Granted a royal charter by the English King Edward II in 1334, Kinsale became a major port trading in wine and salt throughout the 15th century, and was also a provisioning port for the English navy.
In September 1601 English ships besieged a Spanish fleet anchored at Kinsale. Irish forces, which had appealed to the Spanish king to help them against the English, marched the length of the country to liberate the ships, but were defeated in the Battle of Kinsale on Christmas Eve. For the Catholic Irish, the immediate consequence was that they were banned from Kinsale; it would be another 100 years before they were allowed back in. Historians now cite 1601 as the beginning of the end of Gaelic Ireland.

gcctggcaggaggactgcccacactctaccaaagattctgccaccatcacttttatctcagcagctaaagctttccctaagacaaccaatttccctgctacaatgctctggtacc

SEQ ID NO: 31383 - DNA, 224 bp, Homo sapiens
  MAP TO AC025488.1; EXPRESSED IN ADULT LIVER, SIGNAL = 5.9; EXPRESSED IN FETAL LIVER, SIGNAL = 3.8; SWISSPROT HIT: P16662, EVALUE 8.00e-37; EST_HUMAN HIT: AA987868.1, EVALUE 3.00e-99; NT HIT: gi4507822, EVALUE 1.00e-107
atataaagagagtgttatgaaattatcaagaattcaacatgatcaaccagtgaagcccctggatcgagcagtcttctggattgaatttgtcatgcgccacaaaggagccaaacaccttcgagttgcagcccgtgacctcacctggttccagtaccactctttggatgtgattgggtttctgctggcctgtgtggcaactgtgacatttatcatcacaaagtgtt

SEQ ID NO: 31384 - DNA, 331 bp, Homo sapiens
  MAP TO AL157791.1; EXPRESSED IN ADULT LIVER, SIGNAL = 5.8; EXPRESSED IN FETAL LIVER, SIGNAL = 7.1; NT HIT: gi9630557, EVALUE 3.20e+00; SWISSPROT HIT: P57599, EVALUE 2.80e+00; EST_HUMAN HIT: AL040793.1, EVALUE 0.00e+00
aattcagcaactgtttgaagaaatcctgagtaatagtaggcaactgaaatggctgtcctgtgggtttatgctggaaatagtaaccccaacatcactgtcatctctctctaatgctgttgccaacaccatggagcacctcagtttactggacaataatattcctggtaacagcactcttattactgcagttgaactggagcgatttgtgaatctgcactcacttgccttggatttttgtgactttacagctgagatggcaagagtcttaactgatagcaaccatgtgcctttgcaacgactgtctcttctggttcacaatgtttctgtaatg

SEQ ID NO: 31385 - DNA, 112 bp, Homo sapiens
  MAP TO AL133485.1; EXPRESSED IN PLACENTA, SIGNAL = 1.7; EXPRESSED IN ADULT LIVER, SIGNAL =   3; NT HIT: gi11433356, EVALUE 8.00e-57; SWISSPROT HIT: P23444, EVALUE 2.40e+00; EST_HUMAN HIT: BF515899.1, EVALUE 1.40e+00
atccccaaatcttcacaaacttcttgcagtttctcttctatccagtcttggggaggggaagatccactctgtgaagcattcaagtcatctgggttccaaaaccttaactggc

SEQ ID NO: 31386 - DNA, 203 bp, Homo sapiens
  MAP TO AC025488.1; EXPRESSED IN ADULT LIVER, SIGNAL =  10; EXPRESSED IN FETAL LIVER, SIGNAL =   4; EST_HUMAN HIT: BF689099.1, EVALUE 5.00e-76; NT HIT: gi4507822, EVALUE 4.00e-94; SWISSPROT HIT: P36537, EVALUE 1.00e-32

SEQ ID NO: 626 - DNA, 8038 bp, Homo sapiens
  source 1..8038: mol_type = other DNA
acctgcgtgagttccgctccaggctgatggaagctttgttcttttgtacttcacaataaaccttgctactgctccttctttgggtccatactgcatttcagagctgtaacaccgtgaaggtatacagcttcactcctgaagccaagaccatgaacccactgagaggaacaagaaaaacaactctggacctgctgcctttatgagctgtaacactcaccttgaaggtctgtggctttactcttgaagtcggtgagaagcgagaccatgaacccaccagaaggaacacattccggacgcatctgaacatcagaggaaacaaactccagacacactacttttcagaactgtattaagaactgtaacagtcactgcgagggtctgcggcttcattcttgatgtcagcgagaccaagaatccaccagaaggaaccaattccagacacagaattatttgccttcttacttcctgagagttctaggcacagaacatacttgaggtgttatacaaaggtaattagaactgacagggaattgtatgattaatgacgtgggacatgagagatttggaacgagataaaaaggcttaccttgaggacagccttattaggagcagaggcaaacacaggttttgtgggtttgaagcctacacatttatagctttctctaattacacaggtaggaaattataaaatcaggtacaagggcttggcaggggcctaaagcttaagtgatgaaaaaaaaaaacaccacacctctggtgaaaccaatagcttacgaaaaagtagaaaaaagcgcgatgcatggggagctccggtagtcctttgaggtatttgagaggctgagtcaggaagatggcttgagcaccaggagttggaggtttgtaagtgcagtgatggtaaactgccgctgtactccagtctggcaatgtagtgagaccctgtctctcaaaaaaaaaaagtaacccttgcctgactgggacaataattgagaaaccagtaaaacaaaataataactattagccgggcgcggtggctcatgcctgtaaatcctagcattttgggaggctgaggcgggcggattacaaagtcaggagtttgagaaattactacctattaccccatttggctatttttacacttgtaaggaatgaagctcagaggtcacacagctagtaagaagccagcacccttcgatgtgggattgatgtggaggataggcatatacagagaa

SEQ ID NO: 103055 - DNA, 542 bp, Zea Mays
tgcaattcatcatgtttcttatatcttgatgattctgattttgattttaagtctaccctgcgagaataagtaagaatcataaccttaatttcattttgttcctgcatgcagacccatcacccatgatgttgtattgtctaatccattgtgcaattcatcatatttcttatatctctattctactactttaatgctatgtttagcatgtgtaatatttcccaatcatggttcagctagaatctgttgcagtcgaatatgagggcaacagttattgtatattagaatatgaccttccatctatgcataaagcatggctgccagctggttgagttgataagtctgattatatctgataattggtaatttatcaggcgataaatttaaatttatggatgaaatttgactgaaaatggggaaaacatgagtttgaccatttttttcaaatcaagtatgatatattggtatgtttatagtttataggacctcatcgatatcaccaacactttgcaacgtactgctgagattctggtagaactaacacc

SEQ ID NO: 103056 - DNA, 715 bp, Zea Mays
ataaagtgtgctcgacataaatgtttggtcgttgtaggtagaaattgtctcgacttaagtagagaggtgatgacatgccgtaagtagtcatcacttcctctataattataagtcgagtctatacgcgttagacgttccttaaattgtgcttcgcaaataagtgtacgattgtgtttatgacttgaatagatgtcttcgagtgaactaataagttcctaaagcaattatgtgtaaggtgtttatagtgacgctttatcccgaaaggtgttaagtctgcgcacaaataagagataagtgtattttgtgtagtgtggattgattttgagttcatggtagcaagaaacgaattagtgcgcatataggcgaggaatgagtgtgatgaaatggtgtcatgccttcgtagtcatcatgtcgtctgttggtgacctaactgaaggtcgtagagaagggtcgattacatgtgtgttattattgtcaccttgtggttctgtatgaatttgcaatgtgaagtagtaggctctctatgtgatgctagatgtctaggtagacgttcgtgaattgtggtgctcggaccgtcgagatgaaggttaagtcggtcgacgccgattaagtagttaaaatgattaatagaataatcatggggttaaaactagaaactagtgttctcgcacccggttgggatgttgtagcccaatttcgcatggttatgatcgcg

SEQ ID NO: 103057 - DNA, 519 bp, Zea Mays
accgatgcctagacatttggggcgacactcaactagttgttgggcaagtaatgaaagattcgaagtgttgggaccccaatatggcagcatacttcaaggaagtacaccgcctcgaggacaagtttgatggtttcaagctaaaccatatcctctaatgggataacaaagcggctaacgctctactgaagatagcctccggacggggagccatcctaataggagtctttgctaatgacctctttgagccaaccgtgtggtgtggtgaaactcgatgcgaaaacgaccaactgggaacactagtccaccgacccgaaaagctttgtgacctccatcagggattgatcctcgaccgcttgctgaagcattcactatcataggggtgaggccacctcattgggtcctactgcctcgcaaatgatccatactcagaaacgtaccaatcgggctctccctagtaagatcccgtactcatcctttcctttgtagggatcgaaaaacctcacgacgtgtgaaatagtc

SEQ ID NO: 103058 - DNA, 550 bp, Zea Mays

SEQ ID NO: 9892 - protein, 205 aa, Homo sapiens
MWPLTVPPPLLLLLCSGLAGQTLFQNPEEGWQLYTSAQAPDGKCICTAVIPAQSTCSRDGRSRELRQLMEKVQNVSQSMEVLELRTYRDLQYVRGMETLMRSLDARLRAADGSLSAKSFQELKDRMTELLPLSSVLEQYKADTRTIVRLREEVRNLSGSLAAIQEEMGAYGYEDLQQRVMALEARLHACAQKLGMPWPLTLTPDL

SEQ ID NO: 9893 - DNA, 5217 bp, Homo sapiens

After 1601 the town developed as a naval harbour, ship-building port and garrison town. In the early 18th century Alexander Selkirk departed from Kinsale Harbour on a voyage that left him stranded on a desert island, providing Daniel Defoe with the inspiration for Robinson Crusoe.
The town is also associated with the sinking of the Lusitania on 7 May 1915 off the Old Head of Kinsale – some of the bodies were brought ashore and buried here (many more are in Cobh), and the inquest into the disaster took place in Kinsale Courthouse. A memorial stands near the Old Head Signal Tower, which houses a Lusitania Museum.